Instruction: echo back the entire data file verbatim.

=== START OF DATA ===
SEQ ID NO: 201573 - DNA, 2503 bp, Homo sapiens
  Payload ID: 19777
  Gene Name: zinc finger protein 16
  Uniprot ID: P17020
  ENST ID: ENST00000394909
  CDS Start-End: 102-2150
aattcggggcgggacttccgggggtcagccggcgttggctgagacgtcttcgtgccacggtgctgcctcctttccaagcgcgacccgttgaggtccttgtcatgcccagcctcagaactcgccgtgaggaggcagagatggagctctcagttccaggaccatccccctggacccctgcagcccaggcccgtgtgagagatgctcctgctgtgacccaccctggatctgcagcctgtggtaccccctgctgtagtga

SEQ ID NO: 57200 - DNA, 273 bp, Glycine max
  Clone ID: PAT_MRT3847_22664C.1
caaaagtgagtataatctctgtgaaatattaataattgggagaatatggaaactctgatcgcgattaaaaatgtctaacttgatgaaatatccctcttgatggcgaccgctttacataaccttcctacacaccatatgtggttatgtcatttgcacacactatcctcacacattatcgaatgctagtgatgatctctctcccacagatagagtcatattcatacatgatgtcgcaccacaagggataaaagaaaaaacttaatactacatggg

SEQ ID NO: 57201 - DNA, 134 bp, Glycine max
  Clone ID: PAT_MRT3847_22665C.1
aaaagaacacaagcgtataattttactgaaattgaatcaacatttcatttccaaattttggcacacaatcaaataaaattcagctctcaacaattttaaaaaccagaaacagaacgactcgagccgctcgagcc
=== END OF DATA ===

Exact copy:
SEQ ID NO: 201573 - DNA, 2503 bp, Homo sapiens
  Payload ID: 19777
  Gene Name: zinc finger protein 16
  Uniprot ID: P17020
  ENST ID: ENST00000394909
  CDS Start-End: 102-2150
aattcggggcgggacttccgggggtcagccggcgttggctgagacgtcttcgtgccacggtgctgcctcctttccaagcgcgacccgttgaggtccttgtcatgcccagcctcagaactcgccgtgaggaggcagagatggagctctcagttccaggaccatccccctggacccctgcagcccaggcccgtgtgagagatgctcctgctgtgacccaccctggatctgcagcctgtggtaccccctgctgtagtga

SEQ ID NO: 57200 - DNA, 273 bp, Glycine max
  Clone ID: PAT_MRT3847_22664C.1
caaaagtgagtataatctctgtgaaatattaataattgggagaatatggaaactctgatcgcgattaaaaatgtctaacttgatgaaatatccctcttgatggcgaccgctttacataaccttcctacacaccatatgtggttatgtcatttgcacacactatcctcacacattatcgaatgctagtgatgatctctctcccacagatagagtcatattcatacatgatgtcgcaccacaagggataaaagaaaaaacttaatactacatggg

SEQ ID NO: 57201 - DNA, 134 bp, Glycine max
  Clone ID: PAT_MRT3847_22665C.1
aaaagaacacaagcgtataattttactgaaattgaatcaacatttcatttccaaattttggcacacaatcaaataaaattcagctctcaacaattttaaaaaccagaaacagaacgactcgagccgctcgagcc